Ahuff and a puff, and the house was gone.
Regular readers will know the chamber of commerce has been a positive part of this community for decades.
A few months ago, I wrote a column about the current state of the chamber of commerce.
"OMG" The future events were like a Hollywood movie. The "cleaners" arrived, and the entire building is gone.
It is rare to see such demolition and disposal work done so well; so quickly.
While I am sure I had absolutely nothing to do with the disappearance of the building, there are some people in our community who are concerned about what happened.
The most "earnest" reaction was from Mayor Ernie Daykin. Our mayor, who had come back from his holidays for a personal matter, stumbled upon the demolishing of the building.
He couldn't believe what he was seeing. As mayor, he had no knowledge this was going to happen. He was "dumbstruck."
Mayor Daykin was president of the chamber of commerce a few years ago. He believes that, when he left, the chamber had a secure building, $40,000-plus in its general account, and $200,000 in cash reserves.
Standing and watching the demolition, he asked the current executive director, "How could this happen?" The response was a shrug. Mayor Daykin then asked what happened to the money, and got another shrug.
According to the mayor, he asked, "Can't we go back in the records and figure out what happened?" The response was that there were a lot of leaks and mould, and the records and building were beyond saving.
Since the mayor left the presidency, as usual, the chamber of commerce has been controlled by directors elected at the annual general meetings.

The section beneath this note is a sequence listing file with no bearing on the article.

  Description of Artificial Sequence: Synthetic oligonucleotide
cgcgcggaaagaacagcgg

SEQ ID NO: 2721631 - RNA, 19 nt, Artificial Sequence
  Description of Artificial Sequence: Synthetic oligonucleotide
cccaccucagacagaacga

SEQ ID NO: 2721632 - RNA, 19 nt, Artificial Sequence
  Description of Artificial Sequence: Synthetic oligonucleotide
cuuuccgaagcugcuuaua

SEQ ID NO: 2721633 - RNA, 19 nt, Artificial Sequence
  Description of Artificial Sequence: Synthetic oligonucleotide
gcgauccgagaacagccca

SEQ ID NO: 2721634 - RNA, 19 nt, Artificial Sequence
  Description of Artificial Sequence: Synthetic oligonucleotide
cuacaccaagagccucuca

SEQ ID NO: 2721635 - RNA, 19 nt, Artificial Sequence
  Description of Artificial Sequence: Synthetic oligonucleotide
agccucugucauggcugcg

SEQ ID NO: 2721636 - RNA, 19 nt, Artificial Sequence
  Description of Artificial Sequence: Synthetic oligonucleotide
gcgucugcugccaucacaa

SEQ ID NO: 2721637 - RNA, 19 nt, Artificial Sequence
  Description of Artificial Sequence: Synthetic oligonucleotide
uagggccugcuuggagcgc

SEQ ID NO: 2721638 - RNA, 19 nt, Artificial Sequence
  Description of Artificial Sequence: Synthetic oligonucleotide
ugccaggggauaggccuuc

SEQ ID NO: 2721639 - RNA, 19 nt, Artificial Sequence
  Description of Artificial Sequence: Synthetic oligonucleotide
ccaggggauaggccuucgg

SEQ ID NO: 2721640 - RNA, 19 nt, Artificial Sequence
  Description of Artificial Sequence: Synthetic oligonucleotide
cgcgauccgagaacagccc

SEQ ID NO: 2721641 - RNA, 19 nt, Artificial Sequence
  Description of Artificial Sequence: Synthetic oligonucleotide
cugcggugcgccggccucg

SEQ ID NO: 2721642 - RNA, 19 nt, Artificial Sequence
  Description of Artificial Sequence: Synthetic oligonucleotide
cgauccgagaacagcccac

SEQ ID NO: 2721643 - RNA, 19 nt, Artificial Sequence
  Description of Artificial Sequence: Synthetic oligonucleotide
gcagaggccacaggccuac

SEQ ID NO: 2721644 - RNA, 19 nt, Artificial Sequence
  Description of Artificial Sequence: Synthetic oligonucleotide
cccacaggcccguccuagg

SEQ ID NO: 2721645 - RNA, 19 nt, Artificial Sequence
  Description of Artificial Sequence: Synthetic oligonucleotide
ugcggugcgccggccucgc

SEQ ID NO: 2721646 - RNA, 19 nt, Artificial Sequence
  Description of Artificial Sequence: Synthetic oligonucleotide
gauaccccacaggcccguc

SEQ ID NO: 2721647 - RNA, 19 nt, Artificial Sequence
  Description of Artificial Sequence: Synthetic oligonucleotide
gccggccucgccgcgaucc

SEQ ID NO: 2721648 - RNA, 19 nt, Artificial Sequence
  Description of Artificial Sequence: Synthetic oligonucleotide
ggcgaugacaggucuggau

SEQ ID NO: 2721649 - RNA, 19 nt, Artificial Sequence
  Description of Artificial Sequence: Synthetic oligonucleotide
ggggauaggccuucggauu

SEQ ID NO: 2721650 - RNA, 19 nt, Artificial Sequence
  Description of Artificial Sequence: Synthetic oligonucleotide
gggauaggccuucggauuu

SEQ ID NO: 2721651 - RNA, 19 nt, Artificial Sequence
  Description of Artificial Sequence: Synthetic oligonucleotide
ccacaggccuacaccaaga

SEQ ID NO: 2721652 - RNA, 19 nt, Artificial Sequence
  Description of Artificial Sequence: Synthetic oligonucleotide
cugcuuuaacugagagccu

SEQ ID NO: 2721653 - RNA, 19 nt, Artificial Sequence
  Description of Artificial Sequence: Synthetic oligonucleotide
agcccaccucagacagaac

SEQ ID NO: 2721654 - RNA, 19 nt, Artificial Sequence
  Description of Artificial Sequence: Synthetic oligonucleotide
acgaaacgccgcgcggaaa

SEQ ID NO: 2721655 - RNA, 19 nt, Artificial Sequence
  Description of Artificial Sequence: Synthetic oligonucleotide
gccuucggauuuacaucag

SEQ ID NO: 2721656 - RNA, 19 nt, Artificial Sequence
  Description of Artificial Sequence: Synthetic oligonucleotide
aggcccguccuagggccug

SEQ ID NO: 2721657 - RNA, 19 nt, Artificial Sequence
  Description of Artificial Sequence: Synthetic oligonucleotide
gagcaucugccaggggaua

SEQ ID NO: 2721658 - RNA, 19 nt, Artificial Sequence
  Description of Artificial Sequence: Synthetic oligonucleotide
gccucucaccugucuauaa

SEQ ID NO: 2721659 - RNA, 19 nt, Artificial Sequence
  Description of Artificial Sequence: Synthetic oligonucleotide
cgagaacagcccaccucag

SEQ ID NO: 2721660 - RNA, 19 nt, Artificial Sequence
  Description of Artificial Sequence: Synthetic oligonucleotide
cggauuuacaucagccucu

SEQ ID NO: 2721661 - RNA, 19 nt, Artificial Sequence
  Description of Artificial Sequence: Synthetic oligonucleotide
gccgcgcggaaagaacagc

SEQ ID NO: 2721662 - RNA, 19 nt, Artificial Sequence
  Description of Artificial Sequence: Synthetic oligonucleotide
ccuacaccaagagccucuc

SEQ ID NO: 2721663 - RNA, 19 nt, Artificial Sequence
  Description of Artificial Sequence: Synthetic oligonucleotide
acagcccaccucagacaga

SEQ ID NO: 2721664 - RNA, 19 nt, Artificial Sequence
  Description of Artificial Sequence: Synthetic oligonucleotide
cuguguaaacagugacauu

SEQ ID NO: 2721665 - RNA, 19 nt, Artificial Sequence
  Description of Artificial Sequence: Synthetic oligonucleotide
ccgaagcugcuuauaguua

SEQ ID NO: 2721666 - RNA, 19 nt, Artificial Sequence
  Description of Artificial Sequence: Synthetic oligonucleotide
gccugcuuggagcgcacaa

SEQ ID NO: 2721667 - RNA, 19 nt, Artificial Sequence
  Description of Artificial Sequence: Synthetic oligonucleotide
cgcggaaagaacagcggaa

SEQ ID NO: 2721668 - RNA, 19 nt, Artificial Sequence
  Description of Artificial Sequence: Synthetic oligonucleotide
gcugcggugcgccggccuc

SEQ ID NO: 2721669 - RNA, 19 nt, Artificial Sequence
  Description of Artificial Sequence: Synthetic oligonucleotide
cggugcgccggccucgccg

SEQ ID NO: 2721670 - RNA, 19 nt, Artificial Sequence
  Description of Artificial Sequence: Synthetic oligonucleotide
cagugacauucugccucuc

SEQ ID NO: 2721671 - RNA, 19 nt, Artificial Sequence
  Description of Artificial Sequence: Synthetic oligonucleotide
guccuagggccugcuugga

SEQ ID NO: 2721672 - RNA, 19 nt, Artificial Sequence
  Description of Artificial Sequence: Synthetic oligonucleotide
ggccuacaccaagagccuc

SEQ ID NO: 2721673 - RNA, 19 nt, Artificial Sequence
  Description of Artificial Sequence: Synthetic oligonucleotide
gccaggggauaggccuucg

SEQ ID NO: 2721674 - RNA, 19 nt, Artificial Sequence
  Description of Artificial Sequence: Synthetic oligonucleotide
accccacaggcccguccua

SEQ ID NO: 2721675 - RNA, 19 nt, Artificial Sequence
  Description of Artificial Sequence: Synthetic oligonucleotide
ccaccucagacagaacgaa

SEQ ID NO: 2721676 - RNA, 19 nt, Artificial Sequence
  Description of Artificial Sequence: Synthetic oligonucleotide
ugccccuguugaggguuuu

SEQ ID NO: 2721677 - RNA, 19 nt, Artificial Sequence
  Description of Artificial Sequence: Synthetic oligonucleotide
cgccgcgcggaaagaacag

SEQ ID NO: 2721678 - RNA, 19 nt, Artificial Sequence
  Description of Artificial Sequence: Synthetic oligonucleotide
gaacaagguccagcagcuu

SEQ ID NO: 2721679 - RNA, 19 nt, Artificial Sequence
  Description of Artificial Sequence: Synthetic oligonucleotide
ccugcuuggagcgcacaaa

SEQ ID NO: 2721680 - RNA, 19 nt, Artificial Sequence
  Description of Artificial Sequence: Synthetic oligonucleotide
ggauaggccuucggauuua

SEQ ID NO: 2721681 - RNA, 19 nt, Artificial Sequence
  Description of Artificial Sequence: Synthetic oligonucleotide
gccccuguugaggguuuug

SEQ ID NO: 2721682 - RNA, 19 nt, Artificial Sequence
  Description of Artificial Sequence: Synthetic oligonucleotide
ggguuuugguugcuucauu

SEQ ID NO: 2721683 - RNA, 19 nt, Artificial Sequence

They have been representatives from trustworthy members of our business community: accountants, lawyers, and financial institutions - to name a few - were some of the professions of directors involved.
To be clear, I am not accusing any director past or present of doing anything bad.
I think Mayor Daykin and I would both agree that whatever has happened, the issues should be disclosed to its members, resolved, and then move forward.
Hopefully that would give the chamber an opportunity to reboot its relationship with the
The relocation of the office for the Chamber of Commerce serving Maple Ridge and Pitt Meadows to Pitt Meadows is a distraction from a bigger picture.
While Maple Ridge was sleeping, it appears, the region has moved the future town centre of Maple Ridge and Pitt Meadows to Harris Road.
Agreeing with Pitt Meadows, the Agriculture Land Commission has just removed 80 acres of the best, fertile farmland in the highlands of Pitt Meadows and are going to allow it to become a town centre - which will be bigger and better planned than downtown Maple Ridge (Haney).
As our CAO senior bureaucrat negotiates our surrender to regional government, may we at least save the fertile topsoil from the farmland before they pave it? Just saying...
- Gordy Robson's column appears Tuesdays in the print and/or online versions of The TIMES. Reactions can be emailed c/o email@example.com.
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